Day 2 we drove to the town of Port Arthur, which used to be a penal settlement from 1833-1877. As the historic site’s webpage states: “Over its long history, Port Arthur has been a place of hardship and punishment, a place of opportunity, and a place of leisure. Now it is one of Australia’s most important heritage destinations, where the story of Australia’s colonial history is written in stone and brick.” (https://portarthur.org.au/history/)
Upon arrival at the entry, we were given a playing card each with a picture on it. In the museum we had to find the corresponding drawer with the same number, suit and picture which then revealed the name of a person who had lived in the settlement. I got George Hunt. While a prisoner at Port Arthur, he tried to escape by draping a kangaroo hide over him, and trying to hop like the animal. The officers thought he was a real kangaroo and decided to shoot him for food. Hunt had to surrender and received 150 lashes as punishment for trying to escape. Fascinating! Horrible!
Both Callum and I were surprised at how attractive the 100-acre site was. Neither of us knew much about it, just that we ought to visit it. We were expecting just a jail…but it is quite a vast site and had several buildings of various uses still standing for us to explore. It was a settlement, after all, so there were homes with gardens in addition to the penitentiary and additional prisons. One notable building was the ‘silent prison’ where it was believed that if you completely isolated a prisoner and disallowed him from all speech, he will reform. This of course didn’t work, but it was interesting to see the separate exercise yards, the unique way they kept the men from seeing one another during church services, and to hear about the whole prison and why they thought it would work. The prisoners even had to be covered from head to toe so that they weren’t recognized by anyone, completely taking away their individuality.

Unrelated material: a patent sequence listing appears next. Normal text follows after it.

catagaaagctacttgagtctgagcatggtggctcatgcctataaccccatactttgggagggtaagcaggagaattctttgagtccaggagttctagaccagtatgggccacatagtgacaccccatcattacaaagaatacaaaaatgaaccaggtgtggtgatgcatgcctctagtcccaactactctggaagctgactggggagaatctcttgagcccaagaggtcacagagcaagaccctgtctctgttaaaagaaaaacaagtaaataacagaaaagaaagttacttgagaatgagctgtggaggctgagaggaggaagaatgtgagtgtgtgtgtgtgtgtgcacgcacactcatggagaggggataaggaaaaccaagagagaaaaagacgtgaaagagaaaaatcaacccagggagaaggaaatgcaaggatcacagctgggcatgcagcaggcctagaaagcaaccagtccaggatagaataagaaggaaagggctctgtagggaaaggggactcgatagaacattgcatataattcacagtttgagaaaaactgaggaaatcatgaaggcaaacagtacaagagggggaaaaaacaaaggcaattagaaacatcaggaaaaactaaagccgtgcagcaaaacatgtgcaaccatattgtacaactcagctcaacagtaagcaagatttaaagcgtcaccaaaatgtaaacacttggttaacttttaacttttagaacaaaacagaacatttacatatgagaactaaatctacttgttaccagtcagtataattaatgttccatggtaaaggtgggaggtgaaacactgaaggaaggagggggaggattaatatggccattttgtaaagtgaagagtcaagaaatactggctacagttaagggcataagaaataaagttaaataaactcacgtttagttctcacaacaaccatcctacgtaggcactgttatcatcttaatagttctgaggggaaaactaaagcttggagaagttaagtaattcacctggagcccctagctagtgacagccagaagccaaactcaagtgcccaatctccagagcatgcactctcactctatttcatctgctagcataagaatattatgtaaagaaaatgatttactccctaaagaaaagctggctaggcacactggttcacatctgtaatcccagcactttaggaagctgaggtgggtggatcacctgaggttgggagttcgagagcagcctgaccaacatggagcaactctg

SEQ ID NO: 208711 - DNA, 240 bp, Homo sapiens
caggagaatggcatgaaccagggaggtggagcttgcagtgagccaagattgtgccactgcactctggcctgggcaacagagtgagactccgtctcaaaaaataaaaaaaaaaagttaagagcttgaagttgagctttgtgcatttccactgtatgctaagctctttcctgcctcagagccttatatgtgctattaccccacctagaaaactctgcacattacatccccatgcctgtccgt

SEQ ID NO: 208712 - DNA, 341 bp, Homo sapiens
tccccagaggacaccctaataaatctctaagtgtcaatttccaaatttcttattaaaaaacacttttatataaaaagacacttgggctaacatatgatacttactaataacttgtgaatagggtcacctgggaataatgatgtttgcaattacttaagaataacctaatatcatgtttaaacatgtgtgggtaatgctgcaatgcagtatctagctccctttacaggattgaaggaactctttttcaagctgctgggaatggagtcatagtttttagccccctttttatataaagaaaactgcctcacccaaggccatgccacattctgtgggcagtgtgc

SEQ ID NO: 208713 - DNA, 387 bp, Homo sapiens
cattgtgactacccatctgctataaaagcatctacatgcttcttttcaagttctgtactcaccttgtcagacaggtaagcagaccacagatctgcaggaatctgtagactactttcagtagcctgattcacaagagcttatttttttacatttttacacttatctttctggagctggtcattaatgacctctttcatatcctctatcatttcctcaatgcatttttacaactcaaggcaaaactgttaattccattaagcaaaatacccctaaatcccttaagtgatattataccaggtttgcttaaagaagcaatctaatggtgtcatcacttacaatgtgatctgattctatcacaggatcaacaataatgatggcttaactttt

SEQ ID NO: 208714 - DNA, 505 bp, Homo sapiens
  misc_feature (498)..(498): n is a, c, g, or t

Our tour also included a short boat ride where we saw the Isle of the Dead where over a 1000 people were buried: unmarked graves for convicts, and nicer marked graves for military personnel and their families. We also saw remnants of the boys’ prison across the water and viewed Port Arthur from the water.
All in all, we probably spent 3.5 hours at Port Arthur. We also made note of the memorial on site of the terrible massacre which occurred in 1996, with 35 people losing their lives. The perpetrator is currently in prison and will never get out, and the incident sparked the harsh gun laws that currently exist in Australia.
We used the rest of the day to visit a couple more places: Remarkable cave, which was like it sounds. Also, a Lavender farm which served many products one being Lavender flavoured ice creams, which I obviously had to try. For dinner we didn’t have many options, as Port Arthur is a sleepy little town, even in the summer/tourist season. We were not expecting much from the pub at Fox and Hounds Inn but were pleasantly surprised as each of our meals were quite good. I had a pumpkin pizza and Callum had a meat pie which cost entirely too much, but he had to admit it was delicious.